South Dakota and Maryland became banking meccas because of the higher allowable interest rates.

 

If the government enacts more "reforms" it will only enable the banks to grab more money by again raising rates and adding more (& higher) fees. The banks justify thier latest revenue grabs by blaming the latest round of government (new) rules, regulations and laws. 

 

The best defense is as you pointed out, is to keep debt as low as possible. No matter what the government does; the borrower will still always be slave to the lender. Smiley Sad

Regular Contributor
Posts: 129
Registered: ‎05-12-2007
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Re: Balance Transfer - Good or Bad Idea?


CreditAble wrote:
....

Actually the reason banks now refuse to lower rates is because the politicians made laws to keep the banks from rauising rates on existing balances. Be careful what you ask for. You might get it. If more laws are enacted, the interest rates will only go up for the people who can least afford it.

...


Well explained, Thank You.

 

My problem with all of this, with the banks not lowering interest to anyone, is it has a negative effect on the entire US economy.

 

People like me, that get hit with these insane rates are going to hold off on big ticket item purchases until we can pay them off in full.

 

Maybe not for a Motor Home, but definitely with things like travel, home appliances, home improvements, cars and such. I can well afford to make payments, but not to throw away 25% of my funds.

I will still make the purchases, but it will be in a year or two instead of now and I will pay them in full.

 

I'm not necessarily saying this is a bad thing, (not buying on credit), just that it will slow down the recovery of the economy.


Starting Score: 05/12/2007 was 724 average on all 3
Current Score: 02/22/2015      (EQ)     (TU)     (EX) - from MyFICO.com                                   Back in the Garden as of 01/27/2015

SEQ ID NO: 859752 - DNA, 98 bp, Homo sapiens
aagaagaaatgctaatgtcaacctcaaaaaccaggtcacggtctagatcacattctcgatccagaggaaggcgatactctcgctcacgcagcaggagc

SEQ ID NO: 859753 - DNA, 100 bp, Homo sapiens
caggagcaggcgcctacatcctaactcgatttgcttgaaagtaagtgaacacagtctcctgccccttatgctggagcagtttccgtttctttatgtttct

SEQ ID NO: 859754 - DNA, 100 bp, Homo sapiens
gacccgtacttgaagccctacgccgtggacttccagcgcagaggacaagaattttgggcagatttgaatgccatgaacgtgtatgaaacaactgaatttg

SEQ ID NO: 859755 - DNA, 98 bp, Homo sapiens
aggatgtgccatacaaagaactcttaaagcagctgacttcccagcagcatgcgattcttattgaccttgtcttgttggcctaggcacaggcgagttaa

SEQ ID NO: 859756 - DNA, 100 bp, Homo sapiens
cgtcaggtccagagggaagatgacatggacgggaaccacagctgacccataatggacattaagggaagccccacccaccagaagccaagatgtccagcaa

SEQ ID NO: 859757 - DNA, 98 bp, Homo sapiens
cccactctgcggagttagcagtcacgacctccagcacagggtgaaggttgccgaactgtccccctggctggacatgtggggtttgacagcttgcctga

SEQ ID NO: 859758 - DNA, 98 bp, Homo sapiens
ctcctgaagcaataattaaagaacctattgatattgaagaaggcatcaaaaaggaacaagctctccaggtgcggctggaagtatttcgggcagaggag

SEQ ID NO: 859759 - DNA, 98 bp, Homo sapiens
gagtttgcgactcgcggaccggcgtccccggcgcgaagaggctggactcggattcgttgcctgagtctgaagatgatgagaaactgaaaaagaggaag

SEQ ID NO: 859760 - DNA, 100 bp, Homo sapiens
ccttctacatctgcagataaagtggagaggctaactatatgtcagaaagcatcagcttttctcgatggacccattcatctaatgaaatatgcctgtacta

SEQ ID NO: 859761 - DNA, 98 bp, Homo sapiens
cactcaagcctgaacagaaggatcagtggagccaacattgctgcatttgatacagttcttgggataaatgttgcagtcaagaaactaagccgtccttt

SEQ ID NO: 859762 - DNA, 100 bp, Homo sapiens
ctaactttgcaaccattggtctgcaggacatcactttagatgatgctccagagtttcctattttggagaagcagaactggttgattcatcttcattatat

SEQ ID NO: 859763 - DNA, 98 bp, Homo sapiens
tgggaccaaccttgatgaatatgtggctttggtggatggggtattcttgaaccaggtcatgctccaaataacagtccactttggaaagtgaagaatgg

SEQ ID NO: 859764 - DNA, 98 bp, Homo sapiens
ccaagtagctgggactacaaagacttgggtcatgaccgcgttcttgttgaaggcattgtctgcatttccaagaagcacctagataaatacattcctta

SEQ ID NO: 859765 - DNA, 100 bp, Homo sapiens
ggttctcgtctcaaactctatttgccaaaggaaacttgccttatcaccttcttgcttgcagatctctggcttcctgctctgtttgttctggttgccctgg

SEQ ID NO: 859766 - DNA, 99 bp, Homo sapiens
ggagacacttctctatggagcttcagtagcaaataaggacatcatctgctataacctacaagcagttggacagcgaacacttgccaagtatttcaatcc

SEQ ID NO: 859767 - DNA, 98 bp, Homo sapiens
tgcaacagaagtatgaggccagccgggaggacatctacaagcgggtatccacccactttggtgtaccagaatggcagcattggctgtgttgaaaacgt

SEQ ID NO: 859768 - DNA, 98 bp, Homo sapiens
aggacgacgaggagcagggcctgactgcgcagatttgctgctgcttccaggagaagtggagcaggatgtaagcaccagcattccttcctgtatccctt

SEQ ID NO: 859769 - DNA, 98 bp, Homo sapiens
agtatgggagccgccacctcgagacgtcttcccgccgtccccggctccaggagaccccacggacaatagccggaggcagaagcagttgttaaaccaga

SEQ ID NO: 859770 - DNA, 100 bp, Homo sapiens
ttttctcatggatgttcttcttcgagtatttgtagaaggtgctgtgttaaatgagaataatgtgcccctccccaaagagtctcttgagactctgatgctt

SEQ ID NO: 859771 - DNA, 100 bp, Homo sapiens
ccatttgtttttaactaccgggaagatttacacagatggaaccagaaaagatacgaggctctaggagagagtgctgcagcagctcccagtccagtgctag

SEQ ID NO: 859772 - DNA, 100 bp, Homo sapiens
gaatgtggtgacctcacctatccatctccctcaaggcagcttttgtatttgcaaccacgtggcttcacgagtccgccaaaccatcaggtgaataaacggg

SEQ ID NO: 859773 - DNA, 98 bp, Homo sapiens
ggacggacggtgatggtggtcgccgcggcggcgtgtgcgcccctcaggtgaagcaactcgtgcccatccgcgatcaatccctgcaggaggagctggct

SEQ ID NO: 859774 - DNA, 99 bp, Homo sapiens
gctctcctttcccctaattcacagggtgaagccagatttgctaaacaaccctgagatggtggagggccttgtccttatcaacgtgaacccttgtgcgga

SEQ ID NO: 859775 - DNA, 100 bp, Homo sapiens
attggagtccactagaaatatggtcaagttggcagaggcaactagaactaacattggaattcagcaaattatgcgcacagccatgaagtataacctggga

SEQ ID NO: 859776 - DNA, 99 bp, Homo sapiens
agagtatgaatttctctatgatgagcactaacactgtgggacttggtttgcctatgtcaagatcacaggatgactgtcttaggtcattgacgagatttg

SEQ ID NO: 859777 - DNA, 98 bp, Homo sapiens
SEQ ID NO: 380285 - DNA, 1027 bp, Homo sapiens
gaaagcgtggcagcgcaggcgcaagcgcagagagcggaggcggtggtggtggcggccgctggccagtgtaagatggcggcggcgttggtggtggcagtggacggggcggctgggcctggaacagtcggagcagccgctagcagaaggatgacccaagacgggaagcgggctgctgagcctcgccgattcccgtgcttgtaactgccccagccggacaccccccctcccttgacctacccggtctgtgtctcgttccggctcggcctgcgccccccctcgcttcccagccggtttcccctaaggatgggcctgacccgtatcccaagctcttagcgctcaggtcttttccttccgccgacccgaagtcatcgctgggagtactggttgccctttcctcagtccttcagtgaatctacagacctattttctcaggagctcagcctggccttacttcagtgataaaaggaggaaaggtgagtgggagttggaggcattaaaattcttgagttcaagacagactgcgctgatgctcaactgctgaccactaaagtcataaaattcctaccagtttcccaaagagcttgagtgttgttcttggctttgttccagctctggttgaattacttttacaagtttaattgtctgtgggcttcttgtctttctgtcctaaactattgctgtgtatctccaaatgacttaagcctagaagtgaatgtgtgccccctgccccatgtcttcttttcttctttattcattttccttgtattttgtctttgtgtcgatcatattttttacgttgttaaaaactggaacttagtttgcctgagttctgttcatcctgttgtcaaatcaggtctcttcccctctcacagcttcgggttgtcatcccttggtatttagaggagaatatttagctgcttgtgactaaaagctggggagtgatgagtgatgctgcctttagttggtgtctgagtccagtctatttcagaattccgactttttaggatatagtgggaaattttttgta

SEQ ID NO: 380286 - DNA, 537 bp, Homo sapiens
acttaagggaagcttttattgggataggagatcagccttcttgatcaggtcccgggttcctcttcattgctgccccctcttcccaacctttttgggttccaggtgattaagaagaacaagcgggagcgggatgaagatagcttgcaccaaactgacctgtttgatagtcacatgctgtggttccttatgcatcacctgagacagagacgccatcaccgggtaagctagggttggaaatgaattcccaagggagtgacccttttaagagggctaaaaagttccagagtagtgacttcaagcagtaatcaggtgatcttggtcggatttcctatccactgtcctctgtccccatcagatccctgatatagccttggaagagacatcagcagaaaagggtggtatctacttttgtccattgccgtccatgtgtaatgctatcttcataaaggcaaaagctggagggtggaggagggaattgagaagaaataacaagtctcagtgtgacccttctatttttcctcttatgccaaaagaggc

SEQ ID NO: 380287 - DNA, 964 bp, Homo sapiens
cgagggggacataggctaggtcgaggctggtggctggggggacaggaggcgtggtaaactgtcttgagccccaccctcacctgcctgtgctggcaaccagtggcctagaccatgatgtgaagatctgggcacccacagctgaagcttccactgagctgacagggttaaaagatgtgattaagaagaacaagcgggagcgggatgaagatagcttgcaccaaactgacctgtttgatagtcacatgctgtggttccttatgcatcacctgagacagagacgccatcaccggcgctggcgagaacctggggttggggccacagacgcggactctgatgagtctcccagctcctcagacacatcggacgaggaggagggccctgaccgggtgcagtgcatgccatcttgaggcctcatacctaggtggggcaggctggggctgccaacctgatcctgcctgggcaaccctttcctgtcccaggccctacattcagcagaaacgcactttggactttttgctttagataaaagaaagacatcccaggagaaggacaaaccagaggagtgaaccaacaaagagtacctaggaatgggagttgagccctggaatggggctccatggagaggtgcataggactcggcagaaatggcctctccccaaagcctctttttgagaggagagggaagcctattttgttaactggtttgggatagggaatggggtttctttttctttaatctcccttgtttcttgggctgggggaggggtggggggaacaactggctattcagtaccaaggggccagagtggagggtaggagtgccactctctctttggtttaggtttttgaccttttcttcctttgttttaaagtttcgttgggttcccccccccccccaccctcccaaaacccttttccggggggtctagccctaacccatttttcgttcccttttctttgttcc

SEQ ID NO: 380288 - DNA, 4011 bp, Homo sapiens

Highlighted
Established Contributor
Posts: 513
Registered: ‎04-03-2007
0

Re: Balance Transfer - Good or Bad Idea?


TCarson wrote:

CreditAble wrote:
....

Actually the reason banks now refuse to lower rates is because the politicians made laws to keep the banks from raising rates on existing balances. Be careful what you ask for. You might get it. If more laws are enacted, the interest rates will only go up for the people who can least afford it.

...


Well explained, Thank You.

 

My problem with all of this, with the banks not lowering interest to anyone, is it has a negative effect on the entire US economy.

 

People like me, that get hit with these insane rates are going to hold off on big ticket item purchases until we can pay them off in full.

 

Maybe not for a Motor Home, but definitely with things like travel, home appliances, home improvements, cars and such. I can well afford to make payments, but not to throw away 25% of my funds.

I will still make the purchases, but it will be in a year or two instead of now and I will pay them in full.

 

I'm not necessarily saying this is a bad thing, (not buying on credit), just that it will slow down the recovery of the economy.



Without a doubt the higher credit card interest will slow down any recovery. Big ticket items will get cheaper over the next few years. Food prices will go through the roof. Best strategy is to save money and buy for cash.  I believe that credit card low (no) interest promos will pop up more and more. The "go to" rate after pomotional rates expire will continue to rise. Buying the big ticket items on credit might be affordable if one can be sure to pay off loans before promo periods expire.

 

BTW, the motor home (installment loan) interest rates might actually become more affordable as demand for motor home loans slows down. Furthermore as people"s discretionary cash continues to vaporize, non essentials like motor homes are definitely coming down in price in order to attract buyers. The longer you can put off buying the motor home, the more money you can save toward its purchase. The longer you wait the lower the price will be. Cash will absolutely be king for the next few years.